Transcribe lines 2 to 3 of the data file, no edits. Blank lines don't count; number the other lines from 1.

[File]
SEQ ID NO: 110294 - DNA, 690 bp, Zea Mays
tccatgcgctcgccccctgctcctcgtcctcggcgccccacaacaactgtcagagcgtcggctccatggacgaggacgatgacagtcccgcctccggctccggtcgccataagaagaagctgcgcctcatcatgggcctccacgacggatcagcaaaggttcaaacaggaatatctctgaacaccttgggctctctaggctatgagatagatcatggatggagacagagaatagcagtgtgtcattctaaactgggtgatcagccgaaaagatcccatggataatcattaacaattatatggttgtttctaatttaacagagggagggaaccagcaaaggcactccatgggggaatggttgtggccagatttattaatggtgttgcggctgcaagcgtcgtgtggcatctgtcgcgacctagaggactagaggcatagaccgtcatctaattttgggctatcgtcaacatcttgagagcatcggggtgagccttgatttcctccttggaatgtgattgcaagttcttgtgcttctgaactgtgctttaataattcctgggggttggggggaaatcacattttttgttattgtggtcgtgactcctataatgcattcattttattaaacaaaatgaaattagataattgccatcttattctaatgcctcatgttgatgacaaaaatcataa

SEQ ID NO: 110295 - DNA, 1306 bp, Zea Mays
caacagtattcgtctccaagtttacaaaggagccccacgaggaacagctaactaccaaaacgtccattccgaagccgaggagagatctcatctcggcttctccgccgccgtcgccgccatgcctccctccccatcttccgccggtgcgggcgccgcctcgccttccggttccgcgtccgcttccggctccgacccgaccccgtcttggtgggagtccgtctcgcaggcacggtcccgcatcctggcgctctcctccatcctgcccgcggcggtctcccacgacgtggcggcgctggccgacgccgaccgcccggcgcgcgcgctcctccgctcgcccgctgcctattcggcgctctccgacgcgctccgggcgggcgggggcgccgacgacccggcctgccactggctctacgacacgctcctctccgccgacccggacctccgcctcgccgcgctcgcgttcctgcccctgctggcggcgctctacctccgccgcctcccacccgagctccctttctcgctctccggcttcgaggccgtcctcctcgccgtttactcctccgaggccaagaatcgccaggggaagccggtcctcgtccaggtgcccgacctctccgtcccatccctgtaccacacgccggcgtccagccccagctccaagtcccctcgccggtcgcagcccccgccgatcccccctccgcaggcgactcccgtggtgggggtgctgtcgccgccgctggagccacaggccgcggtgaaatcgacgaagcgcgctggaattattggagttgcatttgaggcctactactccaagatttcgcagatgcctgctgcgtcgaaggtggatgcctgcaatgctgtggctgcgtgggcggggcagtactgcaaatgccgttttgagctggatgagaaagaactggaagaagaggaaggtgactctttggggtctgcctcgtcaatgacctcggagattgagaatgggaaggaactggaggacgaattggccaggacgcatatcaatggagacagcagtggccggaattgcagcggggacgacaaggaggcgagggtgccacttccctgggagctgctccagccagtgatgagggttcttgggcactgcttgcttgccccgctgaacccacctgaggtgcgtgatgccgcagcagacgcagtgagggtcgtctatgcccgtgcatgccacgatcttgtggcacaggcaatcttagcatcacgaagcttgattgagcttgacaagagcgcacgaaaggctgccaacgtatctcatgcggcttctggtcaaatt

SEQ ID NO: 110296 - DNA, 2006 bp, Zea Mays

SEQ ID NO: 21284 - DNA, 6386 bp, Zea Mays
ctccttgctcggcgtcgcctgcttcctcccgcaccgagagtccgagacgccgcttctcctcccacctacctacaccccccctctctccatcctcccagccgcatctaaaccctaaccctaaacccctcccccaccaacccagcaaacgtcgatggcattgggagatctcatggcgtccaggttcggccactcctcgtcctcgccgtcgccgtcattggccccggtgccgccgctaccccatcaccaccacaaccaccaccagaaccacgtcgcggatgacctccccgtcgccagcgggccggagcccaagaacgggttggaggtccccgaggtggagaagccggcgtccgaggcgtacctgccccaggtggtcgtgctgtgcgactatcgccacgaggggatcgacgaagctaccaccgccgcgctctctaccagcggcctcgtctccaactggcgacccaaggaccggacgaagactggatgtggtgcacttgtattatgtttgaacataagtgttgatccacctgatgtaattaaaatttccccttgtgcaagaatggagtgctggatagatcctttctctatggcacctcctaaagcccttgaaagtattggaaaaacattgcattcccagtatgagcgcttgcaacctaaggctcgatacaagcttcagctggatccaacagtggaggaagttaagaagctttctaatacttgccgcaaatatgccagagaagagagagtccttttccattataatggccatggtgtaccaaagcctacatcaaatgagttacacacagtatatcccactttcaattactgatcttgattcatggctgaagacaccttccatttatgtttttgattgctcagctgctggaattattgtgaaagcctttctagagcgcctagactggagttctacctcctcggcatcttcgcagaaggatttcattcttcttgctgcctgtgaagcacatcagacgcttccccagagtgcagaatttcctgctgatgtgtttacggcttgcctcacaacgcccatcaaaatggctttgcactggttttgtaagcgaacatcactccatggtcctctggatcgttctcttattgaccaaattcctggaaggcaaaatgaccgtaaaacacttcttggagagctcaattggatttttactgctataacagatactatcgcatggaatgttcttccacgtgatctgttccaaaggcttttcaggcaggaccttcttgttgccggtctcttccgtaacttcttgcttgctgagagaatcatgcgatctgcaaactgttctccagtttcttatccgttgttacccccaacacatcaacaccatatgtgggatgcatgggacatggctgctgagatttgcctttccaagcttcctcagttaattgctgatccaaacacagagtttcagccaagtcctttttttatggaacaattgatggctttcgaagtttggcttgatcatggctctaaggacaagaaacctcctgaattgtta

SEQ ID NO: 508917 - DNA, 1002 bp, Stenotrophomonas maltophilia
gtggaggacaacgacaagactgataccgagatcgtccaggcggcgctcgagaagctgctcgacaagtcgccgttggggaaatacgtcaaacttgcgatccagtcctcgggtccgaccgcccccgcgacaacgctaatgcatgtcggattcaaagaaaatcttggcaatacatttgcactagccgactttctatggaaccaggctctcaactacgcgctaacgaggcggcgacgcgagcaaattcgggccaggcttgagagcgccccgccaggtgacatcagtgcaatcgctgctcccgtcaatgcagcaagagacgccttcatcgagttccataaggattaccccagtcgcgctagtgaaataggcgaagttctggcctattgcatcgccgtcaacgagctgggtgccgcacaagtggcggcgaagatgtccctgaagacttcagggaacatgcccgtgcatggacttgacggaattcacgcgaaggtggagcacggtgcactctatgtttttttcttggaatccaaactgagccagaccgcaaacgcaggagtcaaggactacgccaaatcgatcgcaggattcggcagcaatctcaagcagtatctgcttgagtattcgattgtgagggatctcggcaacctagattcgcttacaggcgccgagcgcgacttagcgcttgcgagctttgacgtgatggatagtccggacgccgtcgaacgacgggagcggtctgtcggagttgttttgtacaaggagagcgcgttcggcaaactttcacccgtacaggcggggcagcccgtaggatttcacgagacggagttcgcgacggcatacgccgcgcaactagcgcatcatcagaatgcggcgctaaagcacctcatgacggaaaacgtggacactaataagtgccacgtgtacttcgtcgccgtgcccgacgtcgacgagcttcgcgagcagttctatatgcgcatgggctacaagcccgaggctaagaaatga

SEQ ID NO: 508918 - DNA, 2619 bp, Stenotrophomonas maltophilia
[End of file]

tccatgcgctcgccccctgctcctcgtcctcggcgccccacaacaactgtcagagcgtcggctccatggacgaggacgatgacagtcccgcctccggctccggtcgccataagaagaagctgcgcctcatcatgggcctccacgacggatcagcaaaggttcaaacaggaatatctctgaacaccttgggctctctaggctatgagatagatcatggatggagacagagaatagcagtgtgtcattctaaactgggtgatcagccgaaaagatcccatggataatcattaacaattatatggttgtttctaatttaacagagggagggaaccagcaaaggcactccatgggggaatggttgtggccagatttattaatggtgttgcggctgcaagcgtcgtgtggcatctgtcgcgacctagaggactagaggcatagaccgtcatctaattttgggctatcgtcaacatcttgagagcatcggggtgagccttgatttcctccttggaatgtgattgcaagttcttgtgcttctgaactgtgctttaataattcctgggggttggggggaaatcacattttttgttattgtggtcgtgactcctataatgcattcattttattaaacaaaatgaaattagataattgccatcttattctaatgcctcatgttgatgacaaaaatcataa

SEQ ID NO: 110295 - DNA, 1306 bp, Zea Mays